Missouri evening primrose – info, planting, care and tips

Missouri evening primrose (Oenothera macrocarpa)
Missouri evening primrose (Oenothera macrocarpa) - By Mason Brock (Masebrock)

As a long-flowering plant, the Missouri evening primrose makes sparse locations with its lemon-yellow flowers shine all summer long. Here are tips for planting and care.


Scientific name: Oenothera macrocarpa

Plant family: evening primrose family (Onagraceae)

Other names: bigfruit evening primrose, Ozark sundrop

Sowing time: spring

Planting time: spring and autumn

Flowering period: June to September

Location: sunny

Soil quality: stony to loamy, low in nutrients

These information are for temperate climate!

Use in: flowerbeds, individual position, group planting, dry stone walls, borders, natural garden, rock garden

Winter hardiness: hardy, USDA Plant Hardiness Zones: 5 (-26 °C / -15 °F)

Bee and insect friendly: Yes

Plant characteristics and classification of Missouri evening primrose

Plant order, origin and occurrence of Missouri evening primrose

The Missouri evening primrose is a flowering perennial of the evening primrose family (Onagraceae), whose natural range extends from the southern USA to Mexico. With preference, it grows on sandy, open places and limestone rocks. When it was brought to England in 1811, it was named Oenothera missouriensis. Today, Oenothera macrocarpa – which translates as the bigfruit evening primrose – is the correct botanical name. It is a particularly attractive flowering species for rock gardens, gravel areas and dry stone walls.

Characteristics of Missouri evening primrose


The bigfruit evening primrose grows with its low-lying shoots to a bushy cluster. It reaches a height of 15 to 25 centimeters (6 to 10 in). Its large-shelled flowers are lifted above the leaf carpet by the upright flower stems. A deep-reaching taproot anchors them securely in loose soil.


The shoots of the Missouri evening primrose are densely covered with elongated-lanceolate leaves of fresh green color. The leaves are deciduous.


From mid-June to early September, the plant inspires with its continuously renewing lemon yellow flowers. The individual blossoms open their cupped petals only in the late afternoon hours and fade until the next morning. It exudes an intense fragrance, attracting moths to pollinate it.


Also, the inflated seeds of the plant are very decorative due to their red tinged center. Like all evening primroses, including the common evening primrose, the perennial plant forms capsule fruits.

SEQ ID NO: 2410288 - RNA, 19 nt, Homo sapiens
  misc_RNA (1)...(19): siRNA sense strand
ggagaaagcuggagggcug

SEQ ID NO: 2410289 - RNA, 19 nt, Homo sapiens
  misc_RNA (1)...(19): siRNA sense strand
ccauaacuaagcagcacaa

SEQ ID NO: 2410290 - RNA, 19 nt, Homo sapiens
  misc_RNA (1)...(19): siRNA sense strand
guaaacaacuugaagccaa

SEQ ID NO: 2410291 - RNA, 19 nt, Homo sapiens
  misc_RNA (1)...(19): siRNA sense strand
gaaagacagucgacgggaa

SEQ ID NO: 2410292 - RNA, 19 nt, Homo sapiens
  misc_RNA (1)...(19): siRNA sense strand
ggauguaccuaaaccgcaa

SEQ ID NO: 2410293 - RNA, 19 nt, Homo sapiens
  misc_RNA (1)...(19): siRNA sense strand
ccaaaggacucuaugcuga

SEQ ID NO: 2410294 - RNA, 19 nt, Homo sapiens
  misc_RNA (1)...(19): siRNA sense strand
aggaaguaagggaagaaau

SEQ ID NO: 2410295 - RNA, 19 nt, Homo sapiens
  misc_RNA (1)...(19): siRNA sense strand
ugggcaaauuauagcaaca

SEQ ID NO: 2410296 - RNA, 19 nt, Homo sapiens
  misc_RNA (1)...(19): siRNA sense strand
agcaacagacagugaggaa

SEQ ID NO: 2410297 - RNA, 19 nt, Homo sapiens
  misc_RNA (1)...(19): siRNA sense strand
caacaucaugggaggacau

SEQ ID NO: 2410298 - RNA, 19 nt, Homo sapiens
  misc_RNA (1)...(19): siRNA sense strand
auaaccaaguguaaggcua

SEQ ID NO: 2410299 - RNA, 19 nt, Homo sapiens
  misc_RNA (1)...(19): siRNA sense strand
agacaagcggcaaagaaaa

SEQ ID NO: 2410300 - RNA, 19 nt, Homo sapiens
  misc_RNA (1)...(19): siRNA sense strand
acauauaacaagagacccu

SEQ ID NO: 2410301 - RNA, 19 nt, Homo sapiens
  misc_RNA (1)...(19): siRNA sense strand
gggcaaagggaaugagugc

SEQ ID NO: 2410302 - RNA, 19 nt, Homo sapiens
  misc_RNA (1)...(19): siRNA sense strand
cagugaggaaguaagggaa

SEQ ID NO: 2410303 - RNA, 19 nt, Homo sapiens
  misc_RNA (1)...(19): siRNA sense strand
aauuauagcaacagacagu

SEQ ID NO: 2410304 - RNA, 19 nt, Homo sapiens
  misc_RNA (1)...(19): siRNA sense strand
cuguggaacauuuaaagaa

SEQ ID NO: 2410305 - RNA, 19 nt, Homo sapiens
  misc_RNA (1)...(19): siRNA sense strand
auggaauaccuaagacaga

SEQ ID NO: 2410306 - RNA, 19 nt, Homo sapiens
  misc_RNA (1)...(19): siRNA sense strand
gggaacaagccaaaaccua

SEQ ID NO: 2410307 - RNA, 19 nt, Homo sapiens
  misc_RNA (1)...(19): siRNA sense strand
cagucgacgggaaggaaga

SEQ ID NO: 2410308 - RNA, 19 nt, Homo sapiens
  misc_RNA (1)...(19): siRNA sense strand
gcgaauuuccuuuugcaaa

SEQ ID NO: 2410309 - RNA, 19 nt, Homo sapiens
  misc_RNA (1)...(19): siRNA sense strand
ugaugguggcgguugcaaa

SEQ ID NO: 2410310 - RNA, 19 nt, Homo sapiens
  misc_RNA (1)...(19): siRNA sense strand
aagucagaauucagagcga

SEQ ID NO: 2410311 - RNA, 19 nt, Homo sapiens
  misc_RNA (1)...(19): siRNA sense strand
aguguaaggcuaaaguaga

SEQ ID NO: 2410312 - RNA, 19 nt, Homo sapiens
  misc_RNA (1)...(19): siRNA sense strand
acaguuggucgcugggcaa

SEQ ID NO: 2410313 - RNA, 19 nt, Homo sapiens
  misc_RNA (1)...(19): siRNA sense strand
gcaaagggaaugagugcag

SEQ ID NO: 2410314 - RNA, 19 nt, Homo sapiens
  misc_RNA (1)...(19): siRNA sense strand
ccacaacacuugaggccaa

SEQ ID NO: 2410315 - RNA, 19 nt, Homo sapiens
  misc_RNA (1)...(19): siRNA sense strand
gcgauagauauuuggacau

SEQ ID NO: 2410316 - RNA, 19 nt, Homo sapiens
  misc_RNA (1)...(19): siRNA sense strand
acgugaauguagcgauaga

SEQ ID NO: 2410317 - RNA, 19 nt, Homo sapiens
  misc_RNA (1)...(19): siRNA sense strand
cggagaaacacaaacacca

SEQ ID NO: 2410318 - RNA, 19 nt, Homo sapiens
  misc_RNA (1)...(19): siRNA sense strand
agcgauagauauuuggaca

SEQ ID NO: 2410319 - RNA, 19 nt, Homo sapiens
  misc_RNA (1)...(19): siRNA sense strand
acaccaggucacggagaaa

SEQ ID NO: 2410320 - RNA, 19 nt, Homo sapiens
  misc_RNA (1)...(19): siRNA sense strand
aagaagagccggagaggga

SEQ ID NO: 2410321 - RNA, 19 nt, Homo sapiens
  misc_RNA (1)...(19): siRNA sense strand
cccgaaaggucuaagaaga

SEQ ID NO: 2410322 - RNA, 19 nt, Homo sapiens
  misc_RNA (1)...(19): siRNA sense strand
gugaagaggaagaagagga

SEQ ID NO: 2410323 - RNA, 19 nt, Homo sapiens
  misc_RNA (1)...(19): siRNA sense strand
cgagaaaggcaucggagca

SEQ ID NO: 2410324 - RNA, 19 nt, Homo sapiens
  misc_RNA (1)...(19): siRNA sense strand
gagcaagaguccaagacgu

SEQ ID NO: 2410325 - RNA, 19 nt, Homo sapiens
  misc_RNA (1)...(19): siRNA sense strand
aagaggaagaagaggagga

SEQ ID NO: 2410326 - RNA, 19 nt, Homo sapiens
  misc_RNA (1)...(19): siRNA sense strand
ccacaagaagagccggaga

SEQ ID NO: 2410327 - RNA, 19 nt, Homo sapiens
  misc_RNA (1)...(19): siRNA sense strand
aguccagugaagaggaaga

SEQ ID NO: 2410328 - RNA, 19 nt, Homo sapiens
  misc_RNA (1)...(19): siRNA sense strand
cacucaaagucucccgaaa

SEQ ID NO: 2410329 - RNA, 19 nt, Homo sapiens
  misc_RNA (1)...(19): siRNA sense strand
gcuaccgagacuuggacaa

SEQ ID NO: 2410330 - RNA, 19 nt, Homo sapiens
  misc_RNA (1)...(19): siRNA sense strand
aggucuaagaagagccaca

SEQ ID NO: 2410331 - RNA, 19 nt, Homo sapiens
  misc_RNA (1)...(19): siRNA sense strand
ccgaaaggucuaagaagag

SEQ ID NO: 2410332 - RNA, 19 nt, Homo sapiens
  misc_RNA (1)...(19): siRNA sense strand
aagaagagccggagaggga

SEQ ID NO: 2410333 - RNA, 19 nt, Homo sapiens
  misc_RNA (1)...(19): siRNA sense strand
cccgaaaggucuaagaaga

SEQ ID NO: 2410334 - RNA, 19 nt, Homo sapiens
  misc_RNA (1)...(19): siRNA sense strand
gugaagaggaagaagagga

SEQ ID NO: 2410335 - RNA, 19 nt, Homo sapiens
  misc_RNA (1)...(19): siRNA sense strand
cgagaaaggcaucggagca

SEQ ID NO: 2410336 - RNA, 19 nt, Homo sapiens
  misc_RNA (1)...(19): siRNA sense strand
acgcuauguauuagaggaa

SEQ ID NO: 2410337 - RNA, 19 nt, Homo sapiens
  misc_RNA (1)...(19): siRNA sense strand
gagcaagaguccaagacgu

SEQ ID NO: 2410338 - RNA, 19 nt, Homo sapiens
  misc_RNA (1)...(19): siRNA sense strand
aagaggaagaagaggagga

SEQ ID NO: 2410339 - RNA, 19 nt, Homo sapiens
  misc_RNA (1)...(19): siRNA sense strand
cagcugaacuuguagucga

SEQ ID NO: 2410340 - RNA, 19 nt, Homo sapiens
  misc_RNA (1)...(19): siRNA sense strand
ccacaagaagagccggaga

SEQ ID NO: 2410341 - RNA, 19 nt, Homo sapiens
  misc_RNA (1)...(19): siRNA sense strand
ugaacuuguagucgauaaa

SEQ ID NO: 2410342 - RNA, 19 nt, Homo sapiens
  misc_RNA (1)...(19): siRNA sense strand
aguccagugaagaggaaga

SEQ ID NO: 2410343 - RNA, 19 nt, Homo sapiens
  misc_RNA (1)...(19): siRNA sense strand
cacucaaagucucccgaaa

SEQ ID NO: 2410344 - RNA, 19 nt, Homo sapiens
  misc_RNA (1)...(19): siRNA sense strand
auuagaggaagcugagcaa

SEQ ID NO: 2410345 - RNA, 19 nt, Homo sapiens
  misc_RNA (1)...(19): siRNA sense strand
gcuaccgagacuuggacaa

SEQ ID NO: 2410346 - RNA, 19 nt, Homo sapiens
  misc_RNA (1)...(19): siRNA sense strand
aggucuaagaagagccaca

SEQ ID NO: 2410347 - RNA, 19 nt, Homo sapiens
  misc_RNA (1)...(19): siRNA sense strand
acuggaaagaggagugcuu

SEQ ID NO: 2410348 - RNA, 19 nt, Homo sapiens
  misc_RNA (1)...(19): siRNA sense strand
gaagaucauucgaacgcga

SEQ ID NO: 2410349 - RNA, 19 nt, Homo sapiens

Missouri evening primrose – cultivation and care


Bigfruit evening primrose needs a full sunny and dry-warm place.


A lean, well-drained soil is best suited for the cultivation of the bigfruit evening primrose.

Planting Missouri evening primrose

When planting the Missouri Evening Primrose, one should ensure good soil drainage with a thick layer of gravel or sand. A planting distance of 45 centimeters (18 in) is recommended; if used in a large area, plant four specimens per square meter. Ideal planting times are spring and autumn.

Care / Watering / Fertilization

Freshly planted young plants of the Missouri evening primrose should be covered with brushwood over the winter to protect them from moisture and cold. To prolong the flowering time, one plucks off withered plants regularly.


Because of its long taproot, a division of the Missouri Evening Primrose is not possible.


Oenothera macrocarpa only produces seeds when a second plant is nearby. Then it usually ensures its survival by self-sowing. But you can also sow seeds in spring, or you can cut cuttings and let them root in the soil.

Diseases and pests

The bigfruit evening primrose shows a certain susceptibility to powdery mildew. If root rot occurs, the cause is usually moisture.


Missouri evening primrose is quite hardy down to -26 °C / -15 °F. It should be covered with brushwood over the winter to protect it from moisture and cold.

Use in the garden

Harmoniously looks a planting of the bigfruit evening primrose in rock garden plants, on gravel surfaces, rock steppes or in cracks and crowns of dry walls. Pretty partners are low Canterbury bells, grayish catnip, stonecrop and speedwell. As in natural habitats, they can also be combined quite exotically with prickly pear cactus and Mexican feathergrass.


There are two grey-silver-leaved selections of subspecies of the pure species, which visually harmonize better with stony, rocky habitats than the pure species with its striking fresh green leaves:

  • Oenothera macrocarpa ssp. incana ‘Silver Blade’ is particularly large-flowered and has silvery foliage.
  • Oenothera macrocarpa ssp. fremontii ‘Silver Wings’ forms fine silvery and wavy leaves.

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